Government offers conflicting explanations of photojournalist's death, more journalists detained
IRAN: Government offers conflicting explanations of free-lancer's death
Authorities launch media crackdown and detain at least six journalists
New York, July 17, 2003-A top Iranian official said yesterday that the death of Canadian-Iranian free-lance photojournalist Zahra Kazemi might have been caused by a fall or another accident, contradicting an announcement the same day by Iranian vice president Mohammad Ali Abtahi that Kazemi died from a "brain hemorrhage resulting from beatings."
Iranian foreign minister Kamel Kharazzi told Canada's Foreign Minister Bill Graham yesterday that Kazemi's death might have been an accident.
Kazemi, 54, died on Friday, July 11, at Baghiatollah Hospital in Iran's capital, Tehran, where she had been transferred after being held in government custody.
There have been reports that an autopsy has been performed on Kazemi, but CPJ has not been able to confirm them. Other reports suggest that her body has been buried, which will hinder any possible investigation.
"These conflicting statements only reinforce the need for an immediate, independent autopsy and investigation into Kazemi's death," said CPJ executive director Ann Cooper. "We again urge Iranian authorities to begin such inquiries at once."
In the wake of the journalist's death, Iranian authorities launched a crackdown on the media, arresting several journalists.
According to Iran's official news agency, IRNA, Mohammad Hoseyn Khoshvaqt, director-general of the Foreign Press and Media Department at the Ministry of Culture and Islamic Guidance, said over the weekend that Iranian authorities detained Kazemi, a contributor to Montreal-based magazine Recto Verso and London-based photo agency Camera Press, in late June outside Tehran's Evin Prison while she was taking photos at the facility. At the time, Khoshvaqt said that Kazemi had died of a "brain stroke," and that she had complained of poor health while she was detained and was taken to the hospital.
At least six journalists detained in crackdown
According to various press reports, Iranian authorities have detained at least six journalists during the last few days. The crackdown is so severe that President Mohammed Khatami yesterday ordered the Information Ministry and the Justice Ministry to review the "ways by which they carry out their judicial and security powers over journalists," IRNA reported.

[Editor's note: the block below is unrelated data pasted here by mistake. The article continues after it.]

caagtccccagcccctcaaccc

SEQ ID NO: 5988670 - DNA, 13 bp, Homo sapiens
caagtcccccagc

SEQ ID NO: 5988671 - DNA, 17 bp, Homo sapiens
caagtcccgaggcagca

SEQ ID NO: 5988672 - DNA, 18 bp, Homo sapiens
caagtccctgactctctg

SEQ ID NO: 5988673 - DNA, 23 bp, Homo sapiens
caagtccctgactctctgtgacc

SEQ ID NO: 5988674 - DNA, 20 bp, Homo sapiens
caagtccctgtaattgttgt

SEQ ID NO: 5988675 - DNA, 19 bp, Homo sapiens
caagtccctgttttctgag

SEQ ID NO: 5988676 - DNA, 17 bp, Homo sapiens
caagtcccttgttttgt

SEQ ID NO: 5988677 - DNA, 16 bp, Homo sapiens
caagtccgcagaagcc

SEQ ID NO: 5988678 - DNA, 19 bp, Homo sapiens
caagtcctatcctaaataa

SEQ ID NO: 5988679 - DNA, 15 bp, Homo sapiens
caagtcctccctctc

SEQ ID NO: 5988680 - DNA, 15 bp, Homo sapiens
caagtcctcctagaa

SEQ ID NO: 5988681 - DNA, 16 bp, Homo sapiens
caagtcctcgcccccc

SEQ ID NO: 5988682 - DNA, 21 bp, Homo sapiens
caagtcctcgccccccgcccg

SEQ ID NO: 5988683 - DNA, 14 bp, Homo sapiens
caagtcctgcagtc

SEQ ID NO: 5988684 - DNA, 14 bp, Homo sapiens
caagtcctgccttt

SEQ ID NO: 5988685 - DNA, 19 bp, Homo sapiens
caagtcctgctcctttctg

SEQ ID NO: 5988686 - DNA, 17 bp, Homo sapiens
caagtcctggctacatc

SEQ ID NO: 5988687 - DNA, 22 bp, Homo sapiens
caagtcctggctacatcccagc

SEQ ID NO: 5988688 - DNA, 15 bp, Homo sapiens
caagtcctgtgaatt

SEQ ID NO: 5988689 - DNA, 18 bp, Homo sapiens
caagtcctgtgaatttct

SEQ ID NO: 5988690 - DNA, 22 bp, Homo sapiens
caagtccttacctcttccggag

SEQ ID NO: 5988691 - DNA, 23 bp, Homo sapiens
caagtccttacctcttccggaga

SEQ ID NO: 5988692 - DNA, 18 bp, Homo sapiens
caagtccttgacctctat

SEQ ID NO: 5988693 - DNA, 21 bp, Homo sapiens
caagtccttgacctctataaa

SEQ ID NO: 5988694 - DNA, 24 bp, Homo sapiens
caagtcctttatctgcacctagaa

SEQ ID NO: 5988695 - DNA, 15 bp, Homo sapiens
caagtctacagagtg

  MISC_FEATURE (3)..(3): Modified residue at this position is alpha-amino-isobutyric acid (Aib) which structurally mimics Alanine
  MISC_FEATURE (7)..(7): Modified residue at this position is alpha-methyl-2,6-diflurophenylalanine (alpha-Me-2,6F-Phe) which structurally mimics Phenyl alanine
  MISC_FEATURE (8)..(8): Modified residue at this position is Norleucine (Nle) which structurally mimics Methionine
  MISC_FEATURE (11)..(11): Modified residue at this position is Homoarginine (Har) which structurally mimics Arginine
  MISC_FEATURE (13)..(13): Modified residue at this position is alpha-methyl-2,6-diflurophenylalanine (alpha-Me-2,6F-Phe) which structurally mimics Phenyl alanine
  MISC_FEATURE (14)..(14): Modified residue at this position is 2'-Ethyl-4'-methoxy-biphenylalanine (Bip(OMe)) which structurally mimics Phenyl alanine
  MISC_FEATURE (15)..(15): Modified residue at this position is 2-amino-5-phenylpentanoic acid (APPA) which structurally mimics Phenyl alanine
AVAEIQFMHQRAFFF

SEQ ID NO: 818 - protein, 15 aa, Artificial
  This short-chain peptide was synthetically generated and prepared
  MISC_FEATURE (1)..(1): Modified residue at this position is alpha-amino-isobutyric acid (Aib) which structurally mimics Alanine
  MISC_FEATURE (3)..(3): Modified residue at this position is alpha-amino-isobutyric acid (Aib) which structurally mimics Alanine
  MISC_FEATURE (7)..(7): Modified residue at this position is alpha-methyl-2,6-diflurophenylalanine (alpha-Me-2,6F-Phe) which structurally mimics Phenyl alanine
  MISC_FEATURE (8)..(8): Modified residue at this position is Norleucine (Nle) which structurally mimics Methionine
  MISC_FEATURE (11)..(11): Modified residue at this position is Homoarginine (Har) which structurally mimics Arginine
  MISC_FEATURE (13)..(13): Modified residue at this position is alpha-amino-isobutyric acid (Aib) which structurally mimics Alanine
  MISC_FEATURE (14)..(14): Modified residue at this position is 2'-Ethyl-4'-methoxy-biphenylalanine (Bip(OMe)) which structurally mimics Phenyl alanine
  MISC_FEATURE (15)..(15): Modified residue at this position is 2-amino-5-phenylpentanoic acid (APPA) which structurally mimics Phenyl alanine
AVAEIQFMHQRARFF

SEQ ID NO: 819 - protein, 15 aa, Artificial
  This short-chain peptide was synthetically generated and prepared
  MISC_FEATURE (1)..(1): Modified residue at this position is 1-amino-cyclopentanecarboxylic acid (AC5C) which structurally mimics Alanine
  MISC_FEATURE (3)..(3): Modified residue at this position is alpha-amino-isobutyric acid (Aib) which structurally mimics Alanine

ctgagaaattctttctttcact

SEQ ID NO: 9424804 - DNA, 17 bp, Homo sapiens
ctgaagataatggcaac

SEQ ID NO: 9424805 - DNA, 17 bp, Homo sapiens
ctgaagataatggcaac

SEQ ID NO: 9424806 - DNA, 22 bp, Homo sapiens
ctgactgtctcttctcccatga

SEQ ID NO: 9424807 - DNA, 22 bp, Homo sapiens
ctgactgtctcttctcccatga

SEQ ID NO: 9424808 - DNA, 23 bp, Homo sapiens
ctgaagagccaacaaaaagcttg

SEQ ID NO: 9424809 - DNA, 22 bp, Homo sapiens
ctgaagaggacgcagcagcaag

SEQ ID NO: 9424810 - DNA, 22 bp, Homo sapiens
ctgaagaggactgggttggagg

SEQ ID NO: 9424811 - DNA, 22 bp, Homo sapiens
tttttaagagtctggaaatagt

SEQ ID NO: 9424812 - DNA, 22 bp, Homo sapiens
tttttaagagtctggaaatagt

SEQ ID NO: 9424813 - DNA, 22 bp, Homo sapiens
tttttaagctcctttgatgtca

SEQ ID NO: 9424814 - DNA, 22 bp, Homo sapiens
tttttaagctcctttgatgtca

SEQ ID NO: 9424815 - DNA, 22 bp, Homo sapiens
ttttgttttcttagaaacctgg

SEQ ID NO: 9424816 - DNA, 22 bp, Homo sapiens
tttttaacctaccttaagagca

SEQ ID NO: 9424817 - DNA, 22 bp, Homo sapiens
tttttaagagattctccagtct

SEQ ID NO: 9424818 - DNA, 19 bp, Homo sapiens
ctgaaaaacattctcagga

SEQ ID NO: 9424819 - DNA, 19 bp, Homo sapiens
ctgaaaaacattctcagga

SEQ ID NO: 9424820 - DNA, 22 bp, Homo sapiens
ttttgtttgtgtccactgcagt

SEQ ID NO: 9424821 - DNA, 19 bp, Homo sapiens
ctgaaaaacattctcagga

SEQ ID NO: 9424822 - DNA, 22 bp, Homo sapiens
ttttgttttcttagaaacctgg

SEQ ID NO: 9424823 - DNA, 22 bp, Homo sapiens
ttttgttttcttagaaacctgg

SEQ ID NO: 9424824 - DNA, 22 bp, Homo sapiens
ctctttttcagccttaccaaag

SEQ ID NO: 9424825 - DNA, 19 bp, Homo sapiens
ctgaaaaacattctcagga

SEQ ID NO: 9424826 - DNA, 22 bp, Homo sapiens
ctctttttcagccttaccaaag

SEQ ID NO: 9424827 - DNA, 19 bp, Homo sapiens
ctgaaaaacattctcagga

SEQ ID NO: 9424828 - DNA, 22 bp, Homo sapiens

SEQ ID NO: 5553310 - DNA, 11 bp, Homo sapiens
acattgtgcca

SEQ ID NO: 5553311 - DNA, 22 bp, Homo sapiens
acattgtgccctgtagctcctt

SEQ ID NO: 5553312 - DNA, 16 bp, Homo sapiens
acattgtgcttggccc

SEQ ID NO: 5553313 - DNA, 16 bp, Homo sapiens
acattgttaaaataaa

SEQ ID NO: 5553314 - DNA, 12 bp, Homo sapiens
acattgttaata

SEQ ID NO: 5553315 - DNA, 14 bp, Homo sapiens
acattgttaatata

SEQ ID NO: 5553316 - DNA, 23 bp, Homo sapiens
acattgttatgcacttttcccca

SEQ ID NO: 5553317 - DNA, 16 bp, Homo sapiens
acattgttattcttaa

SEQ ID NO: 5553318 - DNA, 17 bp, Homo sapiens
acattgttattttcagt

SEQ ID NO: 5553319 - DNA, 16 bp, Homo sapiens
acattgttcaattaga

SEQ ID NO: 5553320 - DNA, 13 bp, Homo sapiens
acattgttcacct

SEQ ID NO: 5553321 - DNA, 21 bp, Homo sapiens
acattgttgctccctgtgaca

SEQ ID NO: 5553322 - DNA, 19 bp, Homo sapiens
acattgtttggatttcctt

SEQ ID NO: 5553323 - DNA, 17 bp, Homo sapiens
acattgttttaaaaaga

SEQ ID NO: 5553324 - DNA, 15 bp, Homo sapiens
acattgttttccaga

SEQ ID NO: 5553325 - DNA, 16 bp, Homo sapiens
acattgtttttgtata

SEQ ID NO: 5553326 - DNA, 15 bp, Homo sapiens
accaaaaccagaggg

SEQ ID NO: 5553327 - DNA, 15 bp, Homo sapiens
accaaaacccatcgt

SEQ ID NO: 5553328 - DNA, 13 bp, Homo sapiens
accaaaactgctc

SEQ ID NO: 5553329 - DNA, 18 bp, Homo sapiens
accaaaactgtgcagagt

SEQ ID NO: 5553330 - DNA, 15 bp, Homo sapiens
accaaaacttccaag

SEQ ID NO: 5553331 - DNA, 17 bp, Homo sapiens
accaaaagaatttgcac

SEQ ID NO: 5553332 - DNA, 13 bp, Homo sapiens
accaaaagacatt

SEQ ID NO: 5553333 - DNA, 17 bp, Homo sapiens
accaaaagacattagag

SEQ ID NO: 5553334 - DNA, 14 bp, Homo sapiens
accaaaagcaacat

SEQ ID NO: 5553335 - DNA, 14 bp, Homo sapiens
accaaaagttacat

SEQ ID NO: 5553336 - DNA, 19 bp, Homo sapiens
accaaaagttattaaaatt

The journalists were detained after being called in for questioning by Said Mortazavi, Tehran's prosecutor general and former head of Tehran's Press Court, which has suspended dozens of publications and imprisoned several journalists in the past. The journalists currently in detention include:
* Issa Saharkhiz, editor of the reformist monthly magazine Aftab, was detained on July 15 in connection with an article that had appeared in the magazine more than a year ago. The piece, which was a translation into Farsi of an article by an American writer, discussed recent changes in Iranian society. Saharkhiz has been accused of "insulting the regime." He remains imprisoned because he cannot afford bail.
* Iraj Rasteghar, editor of the suspended reformist weekly Tavana, was detained for questioning by the general prosecutor on July 15 and remains in government custody. The publication has been closed for two years, and it is not clear what prompted Rasteghar's detention.
* Hussein Bastani and Wahid Ostad-Pour, editors of the reformist daily Yas-e-Nou, were detained on July 12 after being called in for questioning by a state prosecutor regarding recent articles in the paper. They remain in custody.
* Shahram Mohamedi-Neid, editor of the weekly Vaqt, was detained on July 12 in connection with recent articles published in his weekly. He remains in government custody.
* Iraj Jamshidi, editor of the daily economic newspaper Asia, was detained on July 6 after the July 5 edition of the paper published a photo of Paris-based Iranian opposition leader Maryam Rajavi smiling following her release from a Paris prison on terrorism charges. Rajavi is the wife of Massoud Rajavi, leader of Mujahedeen Khalq, a group that the United States considers a terrorist organization. Although sources and news reports say that he paid a 3 billion riyals (US$250,000) bail, he remains imprisoned. He is accused of "insulting the regime."
In addition to these six journalists, CPJ is investigating reports of other journalists possibly detained for their work.
CPJ is a New York-based, independent, nonprofit organization that works to safeguard press freedom worldwide. For more information about press conditions in Iran, visit www.cpj.org.